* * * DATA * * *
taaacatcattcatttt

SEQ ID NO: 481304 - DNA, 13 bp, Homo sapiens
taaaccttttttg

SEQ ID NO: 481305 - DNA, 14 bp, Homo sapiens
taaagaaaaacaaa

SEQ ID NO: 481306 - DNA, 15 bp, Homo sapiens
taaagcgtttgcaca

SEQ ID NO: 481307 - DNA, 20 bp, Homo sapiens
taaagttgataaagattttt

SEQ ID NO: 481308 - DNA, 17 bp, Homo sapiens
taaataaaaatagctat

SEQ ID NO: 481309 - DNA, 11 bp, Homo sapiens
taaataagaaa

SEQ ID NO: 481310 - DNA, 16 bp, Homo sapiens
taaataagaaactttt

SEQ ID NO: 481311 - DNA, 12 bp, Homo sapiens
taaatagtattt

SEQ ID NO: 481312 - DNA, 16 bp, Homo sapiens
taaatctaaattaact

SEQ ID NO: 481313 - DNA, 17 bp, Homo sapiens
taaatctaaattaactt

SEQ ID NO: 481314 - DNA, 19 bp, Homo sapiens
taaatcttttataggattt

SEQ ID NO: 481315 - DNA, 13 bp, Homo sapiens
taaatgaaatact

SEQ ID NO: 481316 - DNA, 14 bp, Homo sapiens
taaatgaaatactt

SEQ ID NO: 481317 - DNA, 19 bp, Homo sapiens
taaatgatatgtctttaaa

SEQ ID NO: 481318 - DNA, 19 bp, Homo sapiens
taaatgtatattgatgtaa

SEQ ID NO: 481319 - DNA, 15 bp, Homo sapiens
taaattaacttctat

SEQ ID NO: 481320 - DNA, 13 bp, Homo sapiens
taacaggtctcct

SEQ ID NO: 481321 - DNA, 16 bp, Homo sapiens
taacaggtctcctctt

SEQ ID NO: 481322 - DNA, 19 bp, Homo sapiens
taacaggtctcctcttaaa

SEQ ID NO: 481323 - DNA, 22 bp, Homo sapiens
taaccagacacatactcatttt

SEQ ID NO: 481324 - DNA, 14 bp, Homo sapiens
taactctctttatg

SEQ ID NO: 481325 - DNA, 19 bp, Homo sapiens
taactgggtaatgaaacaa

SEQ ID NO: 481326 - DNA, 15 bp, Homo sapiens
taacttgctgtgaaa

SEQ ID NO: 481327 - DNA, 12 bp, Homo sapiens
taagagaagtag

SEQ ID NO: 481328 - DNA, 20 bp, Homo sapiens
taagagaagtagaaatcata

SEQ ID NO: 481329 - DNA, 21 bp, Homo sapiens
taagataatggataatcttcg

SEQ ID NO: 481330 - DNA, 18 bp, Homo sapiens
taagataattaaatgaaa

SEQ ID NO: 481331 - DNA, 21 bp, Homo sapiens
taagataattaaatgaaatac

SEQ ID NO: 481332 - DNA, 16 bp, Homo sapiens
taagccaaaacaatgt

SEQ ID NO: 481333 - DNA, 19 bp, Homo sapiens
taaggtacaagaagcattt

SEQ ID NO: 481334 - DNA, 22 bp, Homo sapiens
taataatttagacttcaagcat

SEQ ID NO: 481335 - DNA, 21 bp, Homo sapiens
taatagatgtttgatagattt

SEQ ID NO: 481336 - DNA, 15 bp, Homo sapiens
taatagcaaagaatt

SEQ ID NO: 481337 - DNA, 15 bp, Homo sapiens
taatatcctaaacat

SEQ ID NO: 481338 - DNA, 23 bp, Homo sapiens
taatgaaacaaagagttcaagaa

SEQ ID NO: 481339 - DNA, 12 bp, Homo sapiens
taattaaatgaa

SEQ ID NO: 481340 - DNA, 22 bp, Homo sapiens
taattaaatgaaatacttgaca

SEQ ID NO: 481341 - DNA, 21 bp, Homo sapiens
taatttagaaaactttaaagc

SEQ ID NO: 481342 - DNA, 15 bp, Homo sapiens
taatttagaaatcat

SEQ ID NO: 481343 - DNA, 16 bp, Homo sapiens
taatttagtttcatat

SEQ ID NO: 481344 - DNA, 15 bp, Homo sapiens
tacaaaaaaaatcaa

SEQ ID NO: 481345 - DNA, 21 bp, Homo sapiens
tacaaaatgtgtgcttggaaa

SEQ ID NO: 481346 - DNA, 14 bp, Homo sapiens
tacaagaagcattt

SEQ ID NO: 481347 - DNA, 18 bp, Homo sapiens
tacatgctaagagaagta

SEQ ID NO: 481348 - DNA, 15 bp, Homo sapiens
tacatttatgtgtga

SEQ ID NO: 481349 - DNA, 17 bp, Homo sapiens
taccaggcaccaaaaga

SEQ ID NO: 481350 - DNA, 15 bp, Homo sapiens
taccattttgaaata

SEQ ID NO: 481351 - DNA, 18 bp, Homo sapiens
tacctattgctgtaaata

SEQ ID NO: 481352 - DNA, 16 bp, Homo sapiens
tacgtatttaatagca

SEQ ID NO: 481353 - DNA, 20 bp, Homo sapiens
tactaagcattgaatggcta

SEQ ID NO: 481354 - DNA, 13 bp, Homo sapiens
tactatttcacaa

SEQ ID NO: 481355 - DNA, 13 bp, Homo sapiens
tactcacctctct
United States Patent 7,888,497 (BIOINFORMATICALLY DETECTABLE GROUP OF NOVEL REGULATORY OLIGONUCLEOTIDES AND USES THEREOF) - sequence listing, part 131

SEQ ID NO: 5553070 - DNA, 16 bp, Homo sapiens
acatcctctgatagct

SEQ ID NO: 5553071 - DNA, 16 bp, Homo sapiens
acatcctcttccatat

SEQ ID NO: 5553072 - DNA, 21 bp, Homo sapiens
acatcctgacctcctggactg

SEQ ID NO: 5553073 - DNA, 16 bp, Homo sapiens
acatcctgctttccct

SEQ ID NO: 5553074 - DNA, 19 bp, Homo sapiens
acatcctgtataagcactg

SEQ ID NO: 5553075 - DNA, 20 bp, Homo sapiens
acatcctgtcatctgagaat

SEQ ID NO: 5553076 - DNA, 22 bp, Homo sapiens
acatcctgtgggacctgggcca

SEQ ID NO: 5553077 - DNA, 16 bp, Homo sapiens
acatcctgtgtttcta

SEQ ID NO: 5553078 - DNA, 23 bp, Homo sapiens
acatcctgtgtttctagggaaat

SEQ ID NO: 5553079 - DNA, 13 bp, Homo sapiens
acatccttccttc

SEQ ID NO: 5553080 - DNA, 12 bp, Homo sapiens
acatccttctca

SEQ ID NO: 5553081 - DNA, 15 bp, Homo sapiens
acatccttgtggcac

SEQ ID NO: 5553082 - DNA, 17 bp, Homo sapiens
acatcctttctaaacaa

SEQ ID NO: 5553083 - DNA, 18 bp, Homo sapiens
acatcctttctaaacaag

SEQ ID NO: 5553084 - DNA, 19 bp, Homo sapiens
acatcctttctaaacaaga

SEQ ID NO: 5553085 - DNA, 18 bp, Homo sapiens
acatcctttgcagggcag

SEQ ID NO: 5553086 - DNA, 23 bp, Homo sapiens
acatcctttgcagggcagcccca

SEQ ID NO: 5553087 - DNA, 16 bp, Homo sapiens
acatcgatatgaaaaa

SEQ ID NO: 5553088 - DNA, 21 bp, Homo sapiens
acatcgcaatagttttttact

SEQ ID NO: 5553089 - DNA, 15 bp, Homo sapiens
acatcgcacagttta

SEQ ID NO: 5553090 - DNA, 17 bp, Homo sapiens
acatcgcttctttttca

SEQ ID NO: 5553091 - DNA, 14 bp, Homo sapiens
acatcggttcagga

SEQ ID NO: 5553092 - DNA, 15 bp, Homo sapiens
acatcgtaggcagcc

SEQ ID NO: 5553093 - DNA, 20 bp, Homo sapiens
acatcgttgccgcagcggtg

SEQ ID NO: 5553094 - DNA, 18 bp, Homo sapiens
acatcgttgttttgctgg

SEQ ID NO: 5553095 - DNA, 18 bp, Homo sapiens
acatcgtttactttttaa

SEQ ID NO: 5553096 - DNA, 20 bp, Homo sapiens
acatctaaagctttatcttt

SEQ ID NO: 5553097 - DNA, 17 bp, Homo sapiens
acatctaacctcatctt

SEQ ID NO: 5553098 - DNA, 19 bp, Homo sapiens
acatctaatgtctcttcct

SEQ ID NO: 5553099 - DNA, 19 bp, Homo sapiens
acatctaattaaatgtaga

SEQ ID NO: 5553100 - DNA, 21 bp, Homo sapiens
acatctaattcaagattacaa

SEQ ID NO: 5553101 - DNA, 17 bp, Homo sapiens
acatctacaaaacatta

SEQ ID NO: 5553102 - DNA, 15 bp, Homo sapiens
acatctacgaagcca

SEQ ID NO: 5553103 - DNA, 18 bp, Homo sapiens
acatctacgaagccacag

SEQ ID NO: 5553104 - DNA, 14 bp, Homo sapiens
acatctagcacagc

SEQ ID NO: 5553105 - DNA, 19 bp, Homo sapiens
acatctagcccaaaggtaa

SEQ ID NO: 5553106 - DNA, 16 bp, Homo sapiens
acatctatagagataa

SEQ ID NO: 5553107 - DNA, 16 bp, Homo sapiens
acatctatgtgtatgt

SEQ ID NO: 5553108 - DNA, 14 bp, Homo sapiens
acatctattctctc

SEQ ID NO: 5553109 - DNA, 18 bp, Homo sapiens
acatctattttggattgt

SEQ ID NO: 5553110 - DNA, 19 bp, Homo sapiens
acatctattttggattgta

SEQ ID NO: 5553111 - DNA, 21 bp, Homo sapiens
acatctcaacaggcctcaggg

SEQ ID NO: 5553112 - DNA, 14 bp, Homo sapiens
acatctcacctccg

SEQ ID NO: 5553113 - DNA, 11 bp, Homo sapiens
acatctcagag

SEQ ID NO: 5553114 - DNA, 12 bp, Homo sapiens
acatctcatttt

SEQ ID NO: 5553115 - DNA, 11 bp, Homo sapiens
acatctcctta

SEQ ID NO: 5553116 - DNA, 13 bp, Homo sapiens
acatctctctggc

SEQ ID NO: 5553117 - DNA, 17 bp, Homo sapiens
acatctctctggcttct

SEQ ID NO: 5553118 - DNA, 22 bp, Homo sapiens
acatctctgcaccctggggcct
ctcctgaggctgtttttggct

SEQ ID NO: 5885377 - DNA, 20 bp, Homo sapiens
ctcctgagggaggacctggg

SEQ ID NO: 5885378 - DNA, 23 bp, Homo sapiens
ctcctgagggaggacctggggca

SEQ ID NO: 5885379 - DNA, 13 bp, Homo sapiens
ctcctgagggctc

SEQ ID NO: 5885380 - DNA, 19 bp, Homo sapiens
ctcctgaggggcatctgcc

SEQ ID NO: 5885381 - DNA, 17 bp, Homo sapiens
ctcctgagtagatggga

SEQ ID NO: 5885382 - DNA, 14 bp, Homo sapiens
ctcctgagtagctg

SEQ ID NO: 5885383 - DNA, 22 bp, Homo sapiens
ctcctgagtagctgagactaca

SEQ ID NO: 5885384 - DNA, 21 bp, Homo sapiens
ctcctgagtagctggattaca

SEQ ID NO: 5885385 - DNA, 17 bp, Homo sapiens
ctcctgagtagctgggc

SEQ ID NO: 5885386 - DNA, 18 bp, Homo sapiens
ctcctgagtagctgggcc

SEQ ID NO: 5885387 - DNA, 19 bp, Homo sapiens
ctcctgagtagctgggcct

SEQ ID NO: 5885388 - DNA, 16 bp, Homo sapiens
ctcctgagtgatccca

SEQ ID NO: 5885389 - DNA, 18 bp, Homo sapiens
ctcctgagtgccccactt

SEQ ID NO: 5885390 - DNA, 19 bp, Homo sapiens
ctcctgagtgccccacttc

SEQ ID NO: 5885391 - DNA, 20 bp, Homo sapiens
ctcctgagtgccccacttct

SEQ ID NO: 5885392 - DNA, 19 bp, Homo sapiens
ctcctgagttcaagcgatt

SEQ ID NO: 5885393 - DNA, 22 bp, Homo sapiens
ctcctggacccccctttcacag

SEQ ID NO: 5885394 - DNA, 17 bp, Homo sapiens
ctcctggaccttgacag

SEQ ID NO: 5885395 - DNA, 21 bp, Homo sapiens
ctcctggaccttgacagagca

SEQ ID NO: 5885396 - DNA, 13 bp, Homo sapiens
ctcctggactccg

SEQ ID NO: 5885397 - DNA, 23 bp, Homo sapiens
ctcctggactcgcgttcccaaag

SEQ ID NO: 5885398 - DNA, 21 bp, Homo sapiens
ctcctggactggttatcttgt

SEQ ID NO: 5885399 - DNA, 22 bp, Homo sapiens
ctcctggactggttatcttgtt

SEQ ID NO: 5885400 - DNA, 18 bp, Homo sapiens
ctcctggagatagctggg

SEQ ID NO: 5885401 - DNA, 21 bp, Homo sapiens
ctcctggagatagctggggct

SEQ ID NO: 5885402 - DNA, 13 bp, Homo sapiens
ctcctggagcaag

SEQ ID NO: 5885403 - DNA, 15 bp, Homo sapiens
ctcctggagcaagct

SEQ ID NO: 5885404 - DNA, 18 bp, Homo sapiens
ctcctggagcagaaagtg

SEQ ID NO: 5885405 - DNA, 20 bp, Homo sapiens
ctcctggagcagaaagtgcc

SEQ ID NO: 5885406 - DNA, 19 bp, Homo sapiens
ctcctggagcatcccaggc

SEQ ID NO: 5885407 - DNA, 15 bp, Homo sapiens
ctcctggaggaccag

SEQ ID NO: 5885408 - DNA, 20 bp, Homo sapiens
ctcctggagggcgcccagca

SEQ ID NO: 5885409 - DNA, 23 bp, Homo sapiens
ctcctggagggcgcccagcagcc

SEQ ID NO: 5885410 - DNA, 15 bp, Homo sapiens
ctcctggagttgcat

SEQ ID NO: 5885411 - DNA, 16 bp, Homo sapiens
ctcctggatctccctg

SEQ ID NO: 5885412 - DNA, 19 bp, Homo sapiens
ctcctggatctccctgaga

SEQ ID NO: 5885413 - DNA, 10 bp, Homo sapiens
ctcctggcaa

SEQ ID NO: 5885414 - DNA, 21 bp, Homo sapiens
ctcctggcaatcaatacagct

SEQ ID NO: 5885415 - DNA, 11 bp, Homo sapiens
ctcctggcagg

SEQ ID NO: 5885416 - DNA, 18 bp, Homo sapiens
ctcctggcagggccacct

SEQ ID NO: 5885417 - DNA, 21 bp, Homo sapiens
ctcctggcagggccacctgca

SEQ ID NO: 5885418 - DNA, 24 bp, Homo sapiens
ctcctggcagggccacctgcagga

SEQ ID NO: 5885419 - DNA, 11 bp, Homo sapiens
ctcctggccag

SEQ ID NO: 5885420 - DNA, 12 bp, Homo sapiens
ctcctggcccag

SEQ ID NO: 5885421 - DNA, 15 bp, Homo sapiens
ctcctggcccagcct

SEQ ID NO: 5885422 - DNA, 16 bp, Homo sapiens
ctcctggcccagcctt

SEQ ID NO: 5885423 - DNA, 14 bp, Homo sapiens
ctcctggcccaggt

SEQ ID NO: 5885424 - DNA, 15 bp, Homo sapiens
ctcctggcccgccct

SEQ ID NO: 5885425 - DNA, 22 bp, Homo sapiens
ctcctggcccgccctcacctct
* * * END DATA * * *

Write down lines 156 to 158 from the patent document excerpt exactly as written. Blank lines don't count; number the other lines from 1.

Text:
acatcgttgttttgctgg

SEQ ID NO: 5553095 - DNA, 18 bp, Homo sapiens
acatcgtttactttttaa